Finally, the last step is to edit the index.html file to include the selector specified to Vue in the previous step:

<h1>Hello Vue 3!</h1>

<div id="app"></div>

<script src="/dist/main.js"></script>

At this point, relaunching the application with yarn dev you can start playing with the new Vue component just created.

Alt Text

Recap

In this post I showed you how to create a very simple component using Vue 3, the composition API and Typescript. Obviously I have scratched just the tip of the iceberg and there are a thousand other features to try in Vue 3 but already with this simple component it is possible to appreciate the new "functional" approach with which it is possible to define the components in the next release of Vue.

PS: All the code is available on GitHub.


Feel free to reach out to me! Blog (in italian) || Twitter || GitHub || LinkedIn

Posted on by:

lmillucci profile

Lorenzo Millucci

@lmillucci

I'm a software engineer. Gamer on my free time :)

Discussion

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Thank you so much for this little head start. I was quite frustrated with Vue2 + vue-class-components and this was the last little spark I needed to finally try this setup. I failed with setting up the vue3 example with TS before because I didn't get the shims file right. Thanks for helping with this!

Just a little nag: Because I had experience with it, it was obvious for me, but your article doesn't obviously state where to put the shims file when it introduces it. This is fixed with the little file tree later but you might want to improve the wording around the shims file part as well.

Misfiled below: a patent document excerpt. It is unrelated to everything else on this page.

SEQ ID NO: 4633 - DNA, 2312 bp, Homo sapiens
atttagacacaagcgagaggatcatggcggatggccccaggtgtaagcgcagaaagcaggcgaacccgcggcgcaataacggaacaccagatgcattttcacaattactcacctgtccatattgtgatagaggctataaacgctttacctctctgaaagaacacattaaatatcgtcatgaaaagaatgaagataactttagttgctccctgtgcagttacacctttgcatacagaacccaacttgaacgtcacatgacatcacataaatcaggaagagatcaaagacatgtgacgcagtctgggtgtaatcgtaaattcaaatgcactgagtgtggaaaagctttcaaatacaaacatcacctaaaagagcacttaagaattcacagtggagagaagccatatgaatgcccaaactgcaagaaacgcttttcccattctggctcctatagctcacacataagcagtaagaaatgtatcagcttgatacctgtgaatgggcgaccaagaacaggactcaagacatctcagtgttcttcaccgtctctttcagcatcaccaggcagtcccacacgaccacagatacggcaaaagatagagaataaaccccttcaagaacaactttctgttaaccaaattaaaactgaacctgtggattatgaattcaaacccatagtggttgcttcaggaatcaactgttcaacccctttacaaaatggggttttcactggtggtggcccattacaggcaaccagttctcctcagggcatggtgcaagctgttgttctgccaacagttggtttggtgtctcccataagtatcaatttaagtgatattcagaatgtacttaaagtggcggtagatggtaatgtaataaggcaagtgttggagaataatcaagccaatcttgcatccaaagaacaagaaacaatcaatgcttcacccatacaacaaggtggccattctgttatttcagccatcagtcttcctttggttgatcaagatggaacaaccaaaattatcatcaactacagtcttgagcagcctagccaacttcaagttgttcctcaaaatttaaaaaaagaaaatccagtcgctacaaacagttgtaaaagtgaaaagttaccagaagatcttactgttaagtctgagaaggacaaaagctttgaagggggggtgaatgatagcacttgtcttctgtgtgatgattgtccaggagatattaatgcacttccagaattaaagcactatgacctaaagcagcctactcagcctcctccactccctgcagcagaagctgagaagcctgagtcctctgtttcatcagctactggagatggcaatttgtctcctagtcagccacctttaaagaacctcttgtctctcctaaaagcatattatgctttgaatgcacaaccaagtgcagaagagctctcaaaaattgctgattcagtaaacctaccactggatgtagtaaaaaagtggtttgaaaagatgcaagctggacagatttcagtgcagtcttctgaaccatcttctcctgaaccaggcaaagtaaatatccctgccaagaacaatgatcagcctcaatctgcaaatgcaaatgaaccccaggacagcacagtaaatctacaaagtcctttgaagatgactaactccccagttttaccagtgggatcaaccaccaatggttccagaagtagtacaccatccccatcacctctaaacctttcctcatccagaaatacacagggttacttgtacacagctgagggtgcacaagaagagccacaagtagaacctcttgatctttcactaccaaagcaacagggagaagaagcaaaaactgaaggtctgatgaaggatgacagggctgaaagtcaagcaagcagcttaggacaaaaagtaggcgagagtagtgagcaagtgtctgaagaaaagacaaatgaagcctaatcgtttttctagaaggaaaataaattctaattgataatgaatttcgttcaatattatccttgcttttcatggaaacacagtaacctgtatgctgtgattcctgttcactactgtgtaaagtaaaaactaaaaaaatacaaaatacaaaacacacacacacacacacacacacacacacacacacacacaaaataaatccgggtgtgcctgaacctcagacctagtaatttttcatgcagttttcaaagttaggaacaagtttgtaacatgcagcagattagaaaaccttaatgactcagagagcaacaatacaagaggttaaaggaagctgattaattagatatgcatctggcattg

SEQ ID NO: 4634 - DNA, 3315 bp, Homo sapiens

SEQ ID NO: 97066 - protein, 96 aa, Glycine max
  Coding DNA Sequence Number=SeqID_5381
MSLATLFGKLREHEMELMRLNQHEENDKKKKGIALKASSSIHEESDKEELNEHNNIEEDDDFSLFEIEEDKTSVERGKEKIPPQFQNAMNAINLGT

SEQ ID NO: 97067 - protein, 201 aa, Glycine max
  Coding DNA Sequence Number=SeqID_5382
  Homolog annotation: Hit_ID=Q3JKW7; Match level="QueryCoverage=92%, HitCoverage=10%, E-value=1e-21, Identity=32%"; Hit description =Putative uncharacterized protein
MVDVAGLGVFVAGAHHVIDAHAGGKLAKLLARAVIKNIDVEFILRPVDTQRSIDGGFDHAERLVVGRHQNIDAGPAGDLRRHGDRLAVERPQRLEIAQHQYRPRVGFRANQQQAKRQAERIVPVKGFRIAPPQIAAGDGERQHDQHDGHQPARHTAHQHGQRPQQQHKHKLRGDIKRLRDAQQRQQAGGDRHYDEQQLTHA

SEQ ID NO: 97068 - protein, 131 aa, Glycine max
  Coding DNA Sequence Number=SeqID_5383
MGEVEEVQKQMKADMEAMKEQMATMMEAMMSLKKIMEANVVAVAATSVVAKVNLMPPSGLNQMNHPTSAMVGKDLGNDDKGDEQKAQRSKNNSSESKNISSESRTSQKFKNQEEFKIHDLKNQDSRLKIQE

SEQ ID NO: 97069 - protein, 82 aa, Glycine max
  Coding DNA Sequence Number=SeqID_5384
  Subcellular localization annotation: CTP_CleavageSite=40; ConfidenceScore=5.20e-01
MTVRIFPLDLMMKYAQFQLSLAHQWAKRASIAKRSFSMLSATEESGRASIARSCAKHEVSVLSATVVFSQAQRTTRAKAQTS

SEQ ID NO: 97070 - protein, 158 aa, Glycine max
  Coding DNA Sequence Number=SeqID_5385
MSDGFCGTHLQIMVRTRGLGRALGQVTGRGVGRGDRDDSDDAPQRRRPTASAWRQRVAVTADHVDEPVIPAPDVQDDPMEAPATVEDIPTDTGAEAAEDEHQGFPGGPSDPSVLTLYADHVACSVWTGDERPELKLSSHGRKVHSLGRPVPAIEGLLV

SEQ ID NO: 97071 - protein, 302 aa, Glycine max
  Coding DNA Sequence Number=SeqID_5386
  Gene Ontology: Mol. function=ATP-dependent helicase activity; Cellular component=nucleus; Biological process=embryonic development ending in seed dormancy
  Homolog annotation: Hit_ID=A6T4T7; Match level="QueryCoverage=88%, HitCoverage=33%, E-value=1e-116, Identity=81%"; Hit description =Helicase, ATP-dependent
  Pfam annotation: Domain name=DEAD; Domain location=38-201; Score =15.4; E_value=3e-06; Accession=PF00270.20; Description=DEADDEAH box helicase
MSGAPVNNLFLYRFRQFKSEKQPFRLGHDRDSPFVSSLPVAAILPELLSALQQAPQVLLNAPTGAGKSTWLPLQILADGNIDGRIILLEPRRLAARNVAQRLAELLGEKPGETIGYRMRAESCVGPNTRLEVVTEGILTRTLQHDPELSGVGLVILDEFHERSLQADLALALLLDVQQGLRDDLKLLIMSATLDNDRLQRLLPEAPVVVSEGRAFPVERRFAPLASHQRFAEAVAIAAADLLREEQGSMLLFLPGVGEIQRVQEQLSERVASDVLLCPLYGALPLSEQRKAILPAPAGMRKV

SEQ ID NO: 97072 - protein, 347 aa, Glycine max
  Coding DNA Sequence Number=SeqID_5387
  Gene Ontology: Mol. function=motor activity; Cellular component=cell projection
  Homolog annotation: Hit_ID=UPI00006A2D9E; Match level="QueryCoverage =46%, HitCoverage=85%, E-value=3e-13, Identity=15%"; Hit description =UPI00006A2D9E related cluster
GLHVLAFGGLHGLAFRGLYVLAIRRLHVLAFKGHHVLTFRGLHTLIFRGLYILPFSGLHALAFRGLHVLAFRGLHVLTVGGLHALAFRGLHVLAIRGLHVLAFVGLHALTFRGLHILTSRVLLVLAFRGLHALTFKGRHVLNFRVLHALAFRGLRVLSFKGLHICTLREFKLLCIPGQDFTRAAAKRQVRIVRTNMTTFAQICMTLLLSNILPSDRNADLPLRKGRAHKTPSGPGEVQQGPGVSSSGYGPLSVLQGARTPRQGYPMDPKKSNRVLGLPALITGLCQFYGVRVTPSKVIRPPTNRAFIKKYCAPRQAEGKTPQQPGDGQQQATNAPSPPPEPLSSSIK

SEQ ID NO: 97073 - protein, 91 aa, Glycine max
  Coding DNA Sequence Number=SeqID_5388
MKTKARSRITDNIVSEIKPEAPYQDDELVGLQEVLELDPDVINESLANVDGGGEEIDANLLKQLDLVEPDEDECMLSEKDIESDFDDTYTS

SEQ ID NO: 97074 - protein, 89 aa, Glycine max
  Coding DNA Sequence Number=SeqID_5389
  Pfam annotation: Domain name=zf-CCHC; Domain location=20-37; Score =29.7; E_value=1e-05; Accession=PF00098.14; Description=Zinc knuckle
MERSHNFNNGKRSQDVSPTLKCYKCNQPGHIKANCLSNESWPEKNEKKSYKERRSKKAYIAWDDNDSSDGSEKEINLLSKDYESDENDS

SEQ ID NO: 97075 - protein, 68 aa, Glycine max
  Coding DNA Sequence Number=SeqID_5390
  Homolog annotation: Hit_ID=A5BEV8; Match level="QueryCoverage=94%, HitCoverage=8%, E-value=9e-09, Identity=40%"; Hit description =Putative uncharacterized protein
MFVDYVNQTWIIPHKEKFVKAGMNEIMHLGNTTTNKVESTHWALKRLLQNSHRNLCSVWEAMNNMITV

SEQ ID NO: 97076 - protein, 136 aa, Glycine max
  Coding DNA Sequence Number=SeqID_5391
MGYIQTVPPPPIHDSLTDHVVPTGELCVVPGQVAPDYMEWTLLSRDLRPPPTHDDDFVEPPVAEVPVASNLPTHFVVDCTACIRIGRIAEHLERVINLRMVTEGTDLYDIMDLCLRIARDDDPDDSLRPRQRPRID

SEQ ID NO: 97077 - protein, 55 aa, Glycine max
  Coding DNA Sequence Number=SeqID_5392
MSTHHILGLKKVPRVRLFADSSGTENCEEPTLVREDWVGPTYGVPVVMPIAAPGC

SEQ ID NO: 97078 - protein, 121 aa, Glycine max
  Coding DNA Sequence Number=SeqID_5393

Changed! Tank you for the feedback :)

 

I don't understand. You are writing TS in script tag. But I don't see you are using TS inside your setup function. You can write this without add typescript and just use setup(). So what is this blog about?

 

It is a very very simple example, it's true that I'm not using any specific Typescript code inside the setup function but I could have use it because the project is configured to transpile typescript.
This article was about configuring the environment to create a very easy component to try composition API through Typescript. It's clear that you can easily remove all the TS setup and go with the vanilla JS ;)

PS: if I had used only JS I would have defined a the component with export default { setup(){} } and not with export default defineComponent({ .. })

 

I see. Thank you for clearly that up for me. Good reading too.

 

What is needed to enable the ability to write styles/css into the App.vue file so that webpack properly extracts it? Is there a css loader of some sort that needs to be applied?

 

vue-loader should do the trick

 

We did have vue-loader, but no, it required other things like css-loader and file-loader for images too.

 
 

This weird, I forgot to wrap my setup() logic in a defineComponent and TS was still working ok in my Vue 3 code. Any ideas why that is?

 

Clear explanation.

Thanks for sharing.

 

When Vuex and Router would be fully rewritten in TS, only then it would be ready for production with TS. Now it's useless.

 

Typescript is not JavaScript.